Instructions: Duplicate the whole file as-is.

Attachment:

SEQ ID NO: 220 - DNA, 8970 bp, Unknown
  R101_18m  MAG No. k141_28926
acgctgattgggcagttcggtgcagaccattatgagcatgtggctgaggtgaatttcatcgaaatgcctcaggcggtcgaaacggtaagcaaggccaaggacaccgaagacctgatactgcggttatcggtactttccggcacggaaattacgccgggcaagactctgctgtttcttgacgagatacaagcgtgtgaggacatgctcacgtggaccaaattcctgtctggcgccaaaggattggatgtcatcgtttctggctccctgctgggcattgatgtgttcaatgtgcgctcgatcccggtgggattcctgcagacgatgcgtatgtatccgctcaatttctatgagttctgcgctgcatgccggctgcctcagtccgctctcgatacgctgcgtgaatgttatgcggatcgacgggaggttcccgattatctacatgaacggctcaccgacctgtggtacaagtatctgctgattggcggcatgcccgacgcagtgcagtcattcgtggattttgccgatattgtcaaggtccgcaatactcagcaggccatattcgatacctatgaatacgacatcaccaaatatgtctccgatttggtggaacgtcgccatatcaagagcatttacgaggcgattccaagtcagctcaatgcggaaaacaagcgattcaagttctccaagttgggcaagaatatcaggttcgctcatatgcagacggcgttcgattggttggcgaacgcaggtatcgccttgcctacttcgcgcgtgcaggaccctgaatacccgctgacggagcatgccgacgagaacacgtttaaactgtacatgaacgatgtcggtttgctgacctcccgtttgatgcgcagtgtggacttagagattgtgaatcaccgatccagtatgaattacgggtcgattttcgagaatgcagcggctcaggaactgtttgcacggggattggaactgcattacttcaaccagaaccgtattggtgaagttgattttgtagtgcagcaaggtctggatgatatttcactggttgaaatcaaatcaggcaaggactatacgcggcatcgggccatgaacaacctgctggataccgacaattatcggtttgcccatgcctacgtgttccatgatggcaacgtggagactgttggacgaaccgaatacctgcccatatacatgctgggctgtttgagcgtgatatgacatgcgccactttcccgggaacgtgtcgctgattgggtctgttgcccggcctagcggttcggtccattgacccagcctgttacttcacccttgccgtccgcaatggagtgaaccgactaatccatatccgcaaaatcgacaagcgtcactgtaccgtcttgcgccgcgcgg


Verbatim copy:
SEQ ID NO: 220 - DNA, 8970 bp, Unknown
  R101_18m  MAG No. k141_28926
acgctgattgggcagttcggtgcagaccattatgagcatgtggctgaggtgaatttcatcgaaatgcctcaggcggtcgaaacggtaagcaaggccaaggacaccgaagacctgatactgcggttatcggtactttccggcacggaaattacgccgggcaagactctgctgtttcttgacgagatacaagcgtgtgaggacatgctcacgtggaccaaattcctgtctggcgccaaaggattggatgtcatcgtttctggctccctgctgggcattgatgtgttcaatgtgcgctcgatcccggtgggattcctgcagacgatgcgtatgtatccgctcaatttctatgagttctgcgctgcatgccggctgcctcagtccgctctcgatacgctgcgtgaatgttatgcggatcgacgggaggttcccgattatctacatgaacggctcaccgacctgtggtacaagtatctgctgattggcggcatgcccgacgcagtgcagtcattcgtggattttgccgatattgtcaaggtccgcaatactcagcaggccatattcgatacctatgaatacgacatcaccaaatatgtctccgatttggtggaacgtcgccatatcaagagcatttacgaggcgattccaagtcagctcaatgcggaaaacaagcgattcaagttctccaagttgggcaagaatatcaggttcgctcatatgcagacggcgttcgattggttggcgaacgcaggtatcgccttgcctacttcgcgcgtgcaggaccctgaatacccgctgacggagcatgccgacgagaacacgtttaaactgtacatgaacgatgtcggtttgctgacctcccgtttgatgcgcagtgtggacttagagattgtgaatcaccgatccagtatgaattacgggtcgattttcgagaatgcagcggctcaggaactgtttgcacggggattggaactgcattacttcaaccagaaccgtattggtgaagttgattttgtagtgcagcaaggtctggatgatatttcactggttgaaatcaaatcaggcaaggactatacgcggcatcgggccatgaacaacctgctggataccgacaattatcggtttgcccatgcctacgtgttccatgatggcaacgtggagactgttggacgaaccgaatacctgcccatatacatgctgggctgtttgagcgtgatatgacatgcgccactttcccgggaacgtgtcgctgattgggtctgttgcccggcctagcggttcggtccattgacccagcctgttacttcacccttgccgtccgcaatggagtgaaccgactaatccatatccgcaaaatcgacaagcgtcactgtaccgtcttgcgccgcgcgg